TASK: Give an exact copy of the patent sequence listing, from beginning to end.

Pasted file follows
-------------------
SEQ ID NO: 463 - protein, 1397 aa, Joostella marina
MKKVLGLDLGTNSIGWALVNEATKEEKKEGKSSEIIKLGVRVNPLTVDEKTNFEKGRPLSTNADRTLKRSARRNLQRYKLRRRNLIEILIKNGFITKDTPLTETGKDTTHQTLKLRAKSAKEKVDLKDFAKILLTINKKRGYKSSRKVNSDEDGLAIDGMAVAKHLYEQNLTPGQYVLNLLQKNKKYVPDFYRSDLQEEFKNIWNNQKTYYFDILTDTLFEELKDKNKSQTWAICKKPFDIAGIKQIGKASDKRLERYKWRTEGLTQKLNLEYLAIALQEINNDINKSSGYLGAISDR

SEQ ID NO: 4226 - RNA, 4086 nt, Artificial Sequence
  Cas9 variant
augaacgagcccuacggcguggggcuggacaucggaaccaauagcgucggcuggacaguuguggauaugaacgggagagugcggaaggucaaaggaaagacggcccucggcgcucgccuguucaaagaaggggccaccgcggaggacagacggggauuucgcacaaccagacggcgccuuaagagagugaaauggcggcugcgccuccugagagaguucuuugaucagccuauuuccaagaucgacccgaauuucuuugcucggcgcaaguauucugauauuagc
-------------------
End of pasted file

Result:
SEQ ID NO: 463 - protein, 1397 aa, Joostella marina
MKKVLGLDLGTNSIGWALVNEATKEEKKEGKSSEIIKLGVRVNPLTVDEKTNFEKGRPLSTNADRTLKRSARRNLQRYKLRRRNLIEILIKNGFITKDTPLTETGKDTTHQTLKLRAKSAKEKVDLKDFAKILLTINKKRGYKSSRKVNSDEDGLAIDGMAVAKHLYEQNLTPGQYVLNLLQKNKKYVPDFYRSDLQEEFKNIWNNQKTYYFDILTDTLFEELKDKNKSQTWAICKKPFDIAGIKQIGKASDKRLERYKWRTEGLTQKLNLEYLAIALQEINNDINKSSGYLGAISDR

SEQ ID NO: 4226 - RNA, 4086 nt, Artificial Sequence
  Cas9 variant
augaacgagcccuacggcguggggcuggacaucggaaccaauagcgucggcuggacaguuguggauaugaacgggagagugcggaaggucaaaggaaagacggcccucggcgcucgccuguucaaagaaggggccaccgcggaggacagacggggauuucgcacaaccagacggcgccuuaagagagugaaauggcggcugcgccuccugagagaguucuuugaucagccuauuuccaagaucgacccgaauuucuuugcucggcgcaaguauucugauauuagc